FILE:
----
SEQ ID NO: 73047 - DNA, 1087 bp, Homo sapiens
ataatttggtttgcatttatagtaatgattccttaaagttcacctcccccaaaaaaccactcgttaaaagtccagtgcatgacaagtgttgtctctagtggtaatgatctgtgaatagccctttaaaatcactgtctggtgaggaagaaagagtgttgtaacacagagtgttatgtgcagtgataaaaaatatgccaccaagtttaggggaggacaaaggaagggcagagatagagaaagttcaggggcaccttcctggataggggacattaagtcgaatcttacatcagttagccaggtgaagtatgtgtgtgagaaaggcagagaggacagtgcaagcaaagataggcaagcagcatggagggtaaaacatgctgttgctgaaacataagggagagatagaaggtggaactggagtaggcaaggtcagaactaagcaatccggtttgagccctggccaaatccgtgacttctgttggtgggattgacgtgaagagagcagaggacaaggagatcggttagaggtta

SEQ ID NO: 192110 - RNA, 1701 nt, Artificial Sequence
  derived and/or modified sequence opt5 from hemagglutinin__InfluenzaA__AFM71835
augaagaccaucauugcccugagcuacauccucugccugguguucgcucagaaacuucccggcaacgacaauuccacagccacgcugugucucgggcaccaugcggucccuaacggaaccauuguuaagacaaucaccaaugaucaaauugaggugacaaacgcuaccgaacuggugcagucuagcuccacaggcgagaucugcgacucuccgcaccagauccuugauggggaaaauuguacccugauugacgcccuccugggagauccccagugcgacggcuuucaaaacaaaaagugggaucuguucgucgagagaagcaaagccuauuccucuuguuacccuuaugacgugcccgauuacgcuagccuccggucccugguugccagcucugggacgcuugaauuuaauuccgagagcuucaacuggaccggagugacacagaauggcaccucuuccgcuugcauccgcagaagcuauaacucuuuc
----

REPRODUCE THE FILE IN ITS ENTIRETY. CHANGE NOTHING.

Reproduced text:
SEQ ID NO: 73047 - DNA, 1087 bp, Homo sapiens
ataatttggtttgcatttatagtaatgattccttaaagttcacctcccccaaaaaaccactcgttaaaagtccagtgcatgacaagtgttgtctctagtggtaatgatctgtgaatagccctttaaaatcactgtctggtgaggaagaaagagtgttgtaacacagagtgttatgtgcagtgataaaaaatatgccaccaagtttaggggaggacaaaggaagggcagagatagagaaagttcaggggcaccttcctggataggggacattaagtcgaatcttacatcagttagccaggtgaagtatgtgtgtgagaaaggcagagaggacagtgcaagcaaagataggcaagcagcatggagggtaaaacatgctgttgctgaaacataagggagagatagaaggtggaactggagtaggcaaggtcagaactaagcaatccggtttgagccctggccaaatccgtgacttctgttggtgggattgacgtgaagagagcagaggacaaggagatcggttagaggtta

SEQ ID NO: 192110 - RNA, 1701 nt, Artificial Sequence
  derived and/or modified sequence opt5 from hemagglutinin__InfluenzaA__AFM71835
augaagaccaucauugcccugagcuacauccucugccugguguucgcucagaaacuucccggcaacgacaauuccacagccacgcugugucucgggcaccaugcggucccuaacggaaccauuguuaagacaaucaccaaugaucaaauugaggugacaaacgcuaccgaacuggugcagucuagcuccacaggcgagaucugcgacucuccgcaccagauccuugauggggaaaauuguacccugauugacgcccuccugggagauccccagugcgacggcuuucaaaacaaaaagugggaucuguucgucgagagaagcaaagccuauuccucuuguuacccuuaugacgugcccgauuacgcuagccuccggucccugguugccagcucugggacgcuugaauuuaauuccgagagcuucaacuggaccggagugacacagaauggcaccucuuccgcuugcauccgcagaagcuauaacucuuuc